Wednesday, October 26, 2016

Tips and Tools for Painting Trim White

So you wanna paint all your woodwork white? 

DON'T DO IT!

I kid, I kid.  



In all reality, if you don't have hundreds of dollars to spend replacing all of the woodwork in your house, painting it white is a very cost-effective (albeit time-consuming) way to make a major transformation. And if you don't have 3,618 other DIY projects going on at the same time, it's probably seems much more of a surmountable task. 

But I digress. Our transformation to all white woodwork in our house began last year. We were getting new carpet installed in our basement, as well as replacing the carpet in all three of our main floor bedrooms. This was the perfect opportunity to paint the trim white at the same time. Here's a picture of the original stuff (which was stained with Minwax Colonial Maple by the builders):


With the old carpet on its way out anyway, we just cut out a strip along the entire perimeter of the bedrooms and removed the deadly tack strips.  This way, I was able to just use painter's tape along the top edge and keep the base trim on the walls while painting it.  

We have textured walls which can make it a little trickier to get a clean line sometimes, so I used Scotchblue Painter's Tape with Edge-Lock.  (If you're not too sloppy with the brush, you can get away with the 1.5" width, which is cheaper than the 2".)






So, what about the other prep work?  As the resident painter in our household, I had done quite a bit of research on both prep and painting.  I ended up doing a light scuff-sanding just to dull the glossy finish on the trim, then wiped it with a damp rag to clean off the excess dust.  Sanding sponges like these from 3M worked pretty well for the job:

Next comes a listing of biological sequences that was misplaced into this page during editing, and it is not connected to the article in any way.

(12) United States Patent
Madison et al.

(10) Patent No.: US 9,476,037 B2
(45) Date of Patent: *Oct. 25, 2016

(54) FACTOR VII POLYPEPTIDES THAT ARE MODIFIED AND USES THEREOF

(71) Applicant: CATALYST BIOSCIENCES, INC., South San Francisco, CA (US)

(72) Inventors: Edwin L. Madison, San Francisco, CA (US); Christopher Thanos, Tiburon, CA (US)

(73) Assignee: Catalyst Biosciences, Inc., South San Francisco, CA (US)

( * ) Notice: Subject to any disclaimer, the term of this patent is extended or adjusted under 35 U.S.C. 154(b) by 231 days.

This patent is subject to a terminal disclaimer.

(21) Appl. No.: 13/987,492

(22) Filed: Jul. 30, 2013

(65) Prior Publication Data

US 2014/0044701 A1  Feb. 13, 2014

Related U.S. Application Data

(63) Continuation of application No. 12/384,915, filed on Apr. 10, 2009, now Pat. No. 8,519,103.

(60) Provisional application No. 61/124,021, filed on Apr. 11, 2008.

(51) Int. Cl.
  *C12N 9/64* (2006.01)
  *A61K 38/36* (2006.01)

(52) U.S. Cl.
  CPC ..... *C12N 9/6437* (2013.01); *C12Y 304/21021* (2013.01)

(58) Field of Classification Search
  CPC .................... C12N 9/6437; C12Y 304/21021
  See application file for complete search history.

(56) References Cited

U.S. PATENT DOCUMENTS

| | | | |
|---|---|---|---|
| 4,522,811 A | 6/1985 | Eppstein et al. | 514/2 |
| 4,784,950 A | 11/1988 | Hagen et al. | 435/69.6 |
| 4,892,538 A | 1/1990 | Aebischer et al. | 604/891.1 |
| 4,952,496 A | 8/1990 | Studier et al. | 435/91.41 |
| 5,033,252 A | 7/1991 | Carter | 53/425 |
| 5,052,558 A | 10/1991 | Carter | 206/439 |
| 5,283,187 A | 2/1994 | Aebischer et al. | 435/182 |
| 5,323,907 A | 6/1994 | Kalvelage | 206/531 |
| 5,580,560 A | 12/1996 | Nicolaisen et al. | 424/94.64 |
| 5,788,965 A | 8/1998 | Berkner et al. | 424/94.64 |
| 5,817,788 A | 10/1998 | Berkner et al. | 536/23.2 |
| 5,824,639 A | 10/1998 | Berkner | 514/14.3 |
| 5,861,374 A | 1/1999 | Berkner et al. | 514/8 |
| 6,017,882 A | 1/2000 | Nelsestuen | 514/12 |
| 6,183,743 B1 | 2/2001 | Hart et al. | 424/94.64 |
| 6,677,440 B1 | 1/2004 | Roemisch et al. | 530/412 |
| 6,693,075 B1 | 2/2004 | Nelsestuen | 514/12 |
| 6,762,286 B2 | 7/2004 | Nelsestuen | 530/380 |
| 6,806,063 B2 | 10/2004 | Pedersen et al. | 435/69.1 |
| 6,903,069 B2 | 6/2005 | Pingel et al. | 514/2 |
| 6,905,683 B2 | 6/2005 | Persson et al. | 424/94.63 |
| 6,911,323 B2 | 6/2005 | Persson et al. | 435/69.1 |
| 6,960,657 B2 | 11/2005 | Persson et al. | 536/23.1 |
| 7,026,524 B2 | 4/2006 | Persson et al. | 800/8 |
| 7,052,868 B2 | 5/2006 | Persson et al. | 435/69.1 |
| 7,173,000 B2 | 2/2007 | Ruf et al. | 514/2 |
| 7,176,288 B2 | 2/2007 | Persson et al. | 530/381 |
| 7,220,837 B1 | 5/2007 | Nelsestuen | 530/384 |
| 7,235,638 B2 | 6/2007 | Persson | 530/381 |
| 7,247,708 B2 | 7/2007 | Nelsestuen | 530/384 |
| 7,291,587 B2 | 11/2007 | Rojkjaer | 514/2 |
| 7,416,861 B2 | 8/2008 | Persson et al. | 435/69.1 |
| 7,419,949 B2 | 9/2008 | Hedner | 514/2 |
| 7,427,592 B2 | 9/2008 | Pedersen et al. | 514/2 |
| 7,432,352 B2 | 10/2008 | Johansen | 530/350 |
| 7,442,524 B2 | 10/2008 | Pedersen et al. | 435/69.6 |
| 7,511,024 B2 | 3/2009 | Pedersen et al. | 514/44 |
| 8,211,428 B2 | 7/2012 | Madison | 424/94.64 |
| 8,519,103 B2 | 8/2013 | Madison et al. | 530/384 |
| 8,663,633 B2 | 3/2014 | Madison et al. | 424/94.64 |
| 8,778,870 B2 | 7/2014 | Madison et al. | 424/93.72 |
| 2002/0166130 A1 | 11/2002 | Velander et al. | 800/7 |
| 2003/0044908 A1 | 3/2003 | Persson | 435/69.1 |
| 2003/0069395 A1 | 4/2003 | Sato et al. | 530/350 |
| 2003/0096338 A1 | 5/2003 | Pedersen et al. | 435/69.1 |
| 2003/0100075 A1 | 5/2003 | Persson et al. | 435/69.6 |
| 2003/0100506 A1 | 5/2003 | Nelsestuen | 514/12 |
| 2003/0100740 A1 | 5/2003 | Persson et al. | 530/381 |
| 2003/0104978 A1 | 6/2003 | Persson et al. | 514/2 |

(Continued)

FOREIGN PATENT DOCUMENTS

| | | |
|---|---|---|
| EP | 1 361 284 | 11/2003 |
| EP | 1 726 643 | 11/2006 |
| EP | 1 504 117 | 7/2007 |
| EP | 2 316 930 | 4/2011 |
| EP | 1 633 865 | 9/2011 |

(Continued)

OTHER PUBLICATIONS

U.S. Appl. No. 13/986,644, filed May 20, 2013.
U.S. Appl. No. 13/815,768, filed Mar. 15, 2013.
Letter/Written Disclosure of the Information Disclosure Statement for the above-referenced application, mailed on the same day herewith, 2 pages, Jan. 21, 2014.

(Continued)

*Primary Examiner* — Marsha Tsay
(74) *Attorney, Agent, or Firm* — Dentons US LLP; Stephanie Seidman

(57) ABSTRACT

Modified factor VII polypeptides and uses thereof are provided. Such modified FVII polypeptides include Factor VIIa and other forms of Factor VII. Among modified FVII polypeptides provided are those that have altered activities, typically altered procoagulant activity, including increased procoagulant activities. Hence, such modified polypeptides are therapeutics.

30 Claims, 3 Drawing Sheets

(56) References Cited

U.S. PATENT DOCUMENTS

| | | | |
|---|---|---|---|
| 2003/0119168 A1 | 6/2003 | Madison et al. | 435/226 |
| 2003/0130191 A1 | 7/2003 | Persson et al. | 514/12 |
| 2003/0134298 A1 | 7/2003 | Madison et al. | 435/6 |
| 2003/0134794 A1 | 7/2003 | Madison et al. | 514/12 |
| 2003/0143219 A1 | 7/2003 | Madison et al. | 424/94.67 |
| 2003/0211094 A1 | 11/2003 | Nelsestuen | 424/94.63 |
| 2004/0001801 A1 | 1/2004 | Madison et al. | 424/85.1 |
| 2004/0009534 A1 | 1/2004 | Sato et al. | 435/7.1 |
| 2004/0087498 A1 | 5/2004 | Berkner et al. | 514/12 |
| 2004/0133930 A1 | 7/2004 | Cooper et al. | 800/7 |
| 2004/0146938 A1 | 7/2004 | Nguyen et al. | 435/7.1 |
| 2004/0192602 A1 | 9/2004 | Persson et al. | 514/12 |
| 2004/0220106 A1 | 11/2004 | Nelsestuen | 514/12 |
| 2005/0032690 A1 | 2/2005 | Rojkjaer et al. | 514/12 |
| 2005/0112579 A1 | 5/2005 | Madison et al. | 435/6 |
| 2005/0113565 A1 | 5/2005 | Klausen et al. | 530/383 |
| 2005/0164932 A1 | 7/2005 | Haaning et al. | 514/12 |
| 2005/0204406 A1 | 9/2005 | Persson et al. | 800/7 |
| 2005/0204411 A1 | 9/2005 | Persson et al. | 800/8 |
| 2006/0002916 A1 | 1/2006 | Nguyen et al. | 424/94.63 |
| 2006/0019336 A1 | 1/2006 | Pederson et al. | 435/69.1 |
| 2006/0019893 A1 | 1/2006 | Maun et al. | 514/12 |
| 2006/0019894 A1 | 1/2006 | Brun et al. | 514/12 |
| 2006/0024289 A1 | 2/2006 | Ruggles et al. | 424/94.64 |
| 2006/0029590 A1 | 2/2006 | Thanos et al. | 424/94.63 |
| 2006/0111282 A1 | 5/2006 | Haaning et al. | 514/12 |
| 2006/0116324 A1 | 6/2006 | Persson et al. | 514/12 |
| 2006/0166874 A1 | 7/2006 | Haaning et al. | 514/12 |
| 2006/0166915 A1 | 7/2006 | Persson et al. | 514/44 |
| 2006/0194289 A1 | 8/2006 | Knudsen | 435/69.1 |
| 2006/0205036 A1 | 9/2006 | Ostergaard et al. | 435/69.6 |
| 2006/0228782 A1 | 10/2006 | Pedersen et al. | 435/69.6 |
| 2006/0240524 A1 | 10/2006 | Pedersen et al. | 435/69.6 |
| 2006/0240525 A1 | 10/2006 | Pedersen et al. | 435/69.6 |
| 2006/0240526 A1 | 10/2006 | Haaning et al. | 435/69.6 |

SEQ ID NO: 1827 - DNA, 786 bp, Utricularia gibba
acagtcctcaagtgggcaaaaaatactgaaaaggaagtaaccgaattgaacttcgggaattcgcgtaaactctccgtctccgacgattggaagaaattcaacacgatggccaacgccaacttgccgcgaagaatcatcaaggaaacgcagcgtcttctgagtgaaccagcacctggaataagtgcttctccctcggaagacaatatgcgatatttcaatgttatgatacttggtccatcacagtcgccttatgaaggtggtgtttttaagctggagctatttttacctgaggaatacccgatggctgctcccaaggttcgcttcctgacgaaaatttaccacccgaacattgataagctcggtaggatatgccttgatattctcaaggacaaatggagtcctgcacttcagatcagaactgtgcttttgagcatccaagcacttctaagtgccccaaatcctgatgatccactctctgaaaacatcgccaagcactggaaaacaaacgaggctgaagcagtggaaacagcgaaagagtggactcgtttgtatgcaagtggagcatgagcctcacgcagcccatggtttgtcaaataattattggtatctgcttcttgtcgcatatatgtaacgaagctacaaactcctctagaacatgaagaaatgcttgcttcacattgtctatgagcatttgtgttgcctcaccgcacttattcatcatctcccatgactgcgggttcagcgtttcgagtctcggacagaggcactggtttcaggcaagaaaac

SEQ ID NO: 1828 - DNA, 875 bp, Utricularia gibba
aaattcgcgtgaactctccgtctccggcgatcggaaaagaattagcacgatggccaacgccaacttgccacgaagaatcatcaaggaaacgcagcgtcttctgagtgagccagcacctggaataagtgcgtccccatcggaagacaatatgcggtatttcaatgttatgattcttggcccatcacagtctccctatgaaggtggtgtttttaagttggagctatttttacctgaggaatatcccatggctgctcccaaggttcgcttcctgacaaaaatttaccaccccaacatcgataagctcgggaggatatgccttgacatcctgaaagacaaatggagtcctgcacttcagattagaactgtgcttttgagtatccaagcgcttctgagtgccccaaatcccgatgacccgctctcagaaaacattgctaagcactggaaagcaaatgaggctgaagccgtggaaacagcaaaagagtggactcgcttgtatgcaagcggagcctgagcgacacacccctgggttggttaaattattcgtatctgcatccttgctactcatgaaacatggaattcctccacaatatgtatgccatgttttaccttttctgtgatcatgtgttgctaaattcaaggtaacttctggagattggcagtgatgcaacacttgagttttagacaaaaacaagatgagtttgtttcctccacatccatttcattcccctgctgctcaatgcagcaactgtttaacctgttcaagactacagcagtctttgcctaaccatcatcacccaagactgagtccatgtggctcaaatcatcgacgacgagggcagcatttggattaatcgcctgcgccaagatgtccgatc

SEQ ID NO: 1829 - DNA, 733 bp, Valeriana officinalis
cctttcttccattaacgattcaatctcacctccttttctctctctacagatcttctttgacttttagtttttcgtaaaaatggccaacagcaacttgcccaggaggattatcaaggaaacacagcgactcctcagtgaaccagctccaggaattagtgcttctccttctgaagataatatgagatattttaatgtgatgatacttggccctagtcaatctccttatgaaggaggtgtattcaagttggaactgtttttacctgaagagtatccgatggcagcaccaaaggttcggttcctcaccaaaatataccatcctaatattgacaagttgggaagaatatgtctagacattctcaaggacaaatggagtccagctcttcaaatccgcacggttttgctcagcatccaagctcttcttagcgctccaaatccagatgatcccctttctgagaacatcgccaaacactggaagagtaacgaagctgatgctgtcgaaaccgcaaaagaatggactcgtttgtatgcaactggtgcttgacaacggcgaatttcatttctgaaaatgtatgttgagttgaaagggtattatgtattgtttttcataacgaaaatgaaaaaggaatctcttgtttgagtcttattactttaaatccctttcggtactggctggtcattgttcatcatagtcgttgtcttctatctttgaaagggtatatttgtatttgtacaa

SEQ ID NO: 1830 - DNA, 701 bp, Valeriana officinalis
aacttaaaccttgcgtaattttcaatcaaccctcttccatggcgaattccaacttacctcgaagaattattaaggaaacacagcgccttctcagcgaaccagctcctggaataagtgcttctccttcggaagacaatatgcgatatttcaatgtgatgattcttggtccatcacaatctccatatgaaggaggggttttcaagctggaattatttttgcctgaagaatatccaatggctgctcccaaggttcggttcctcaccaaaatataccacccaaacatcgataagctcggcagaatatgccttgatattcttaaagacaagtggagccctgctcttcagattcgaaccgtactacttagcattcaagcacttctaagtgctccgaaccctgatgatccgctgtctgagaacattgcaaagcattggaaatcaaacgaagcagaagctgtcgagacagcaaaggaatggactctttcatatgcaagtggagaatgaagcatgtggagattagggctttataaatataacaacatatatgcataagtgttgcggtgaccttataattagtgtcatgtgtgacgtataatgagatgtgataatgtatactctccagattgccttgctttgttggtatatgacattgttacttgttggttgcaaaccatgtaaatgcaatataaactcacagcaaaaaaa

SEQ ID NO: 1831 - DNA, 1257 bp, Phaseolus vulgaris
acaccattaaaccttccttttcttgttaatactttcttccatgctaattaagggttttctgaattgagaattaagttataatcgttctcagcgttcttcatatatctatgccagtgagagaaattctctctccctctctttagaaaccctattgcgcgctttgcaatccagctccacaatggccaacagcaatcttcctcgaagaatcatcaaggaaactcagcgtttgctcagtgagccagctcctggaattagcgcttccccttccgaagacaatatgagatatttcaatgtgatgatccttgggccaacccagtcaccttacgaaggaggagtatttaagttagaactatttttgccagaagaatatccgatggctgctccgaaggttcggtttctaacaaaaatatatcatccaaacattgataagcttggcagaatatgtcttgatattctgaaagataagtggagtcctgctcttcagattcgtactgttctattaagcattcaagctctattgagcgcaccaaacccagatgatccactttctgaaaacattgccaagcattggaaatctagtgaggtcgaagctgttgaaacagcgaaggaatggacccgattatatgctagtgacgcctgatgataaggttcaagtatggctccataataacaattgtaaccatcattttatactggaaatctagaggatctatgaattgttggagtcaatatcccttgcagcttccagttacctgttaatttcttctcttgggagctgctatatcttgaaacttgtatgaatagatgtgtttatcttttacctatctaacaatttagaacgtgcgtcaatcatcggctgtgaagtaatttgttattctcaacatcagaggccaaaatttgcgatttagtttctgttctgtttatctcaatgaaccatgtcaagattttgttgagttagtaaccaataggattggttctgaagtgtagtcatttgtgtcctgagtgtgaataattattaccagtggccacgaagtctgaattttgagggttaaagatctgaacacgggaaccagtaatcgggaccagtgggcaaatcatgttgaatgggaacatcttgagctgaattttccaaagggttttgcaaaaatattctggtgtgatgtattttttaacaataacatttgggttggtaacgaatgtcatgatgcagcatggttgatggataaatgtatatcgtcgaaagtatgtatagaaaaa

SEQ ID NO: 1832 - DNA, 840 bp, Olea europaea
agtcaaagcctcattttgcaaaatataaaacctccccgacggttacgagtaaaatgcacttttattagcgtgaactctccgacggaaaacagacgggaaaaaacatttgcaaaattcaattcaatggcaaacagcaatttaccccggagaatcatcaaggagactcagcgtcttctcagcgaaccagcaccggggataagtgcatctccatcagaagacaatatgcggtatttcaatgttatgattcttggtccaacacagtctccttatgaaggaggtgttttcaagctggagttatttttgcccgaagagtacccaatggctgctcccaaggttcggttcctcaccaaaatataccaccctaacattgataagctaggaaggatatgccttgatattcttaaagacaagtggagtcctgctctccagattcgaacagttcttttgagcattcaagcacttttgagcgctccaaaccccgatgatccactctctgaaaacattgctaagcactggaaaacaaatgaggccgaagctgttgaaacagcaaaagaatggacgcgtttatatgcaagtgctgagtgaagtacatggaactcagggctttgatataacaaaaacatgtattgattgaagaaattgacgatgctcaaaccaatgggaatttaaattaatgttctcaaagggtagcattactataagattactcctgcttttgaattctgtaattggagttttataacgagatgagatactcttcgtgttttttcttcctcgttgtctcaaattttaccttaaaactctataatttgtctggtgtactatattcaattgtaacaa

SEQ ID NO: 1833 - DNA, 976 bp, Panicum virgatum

After the trim had been sanded, I brushed on three (yes, three) coats of Kilz Premium Primer, which is a high-hide stain blocker. Is this overkill?  Maybe.  But I wanted to make sure to have really good coverage and reduce any chance of that stubborn, orange-y oak stain color bleeding through.  Besides, the primer only takes an hour to dry so re-coating is pretty fast.  

The brush I used for painting the primer is the Wooster Shortcut with a 2" angled brush and a short, flexible handle. The packaging states that it's "great for corners, tight spaces" and the "flexible, soft handle adds comfort."  I would have to agree with both of these claims. I felt the short handle also gave me extra control -- when you're painting narrow base trim (especially that's still on the wall) it's nice to not have a long, unwieldy handle.



Once I was done priming, it was time for the actual trim paint. After much comparing of different types of paint for this project, I had decided on Sherwin Williams ProClassic interior acrylic latex in semi-gloss. It carries a pretty hefty price tag, so I'd recommend purchasing it when SW has one of their 30% off sales!  (FYI - One gallon has been more than enough to do our entire house.)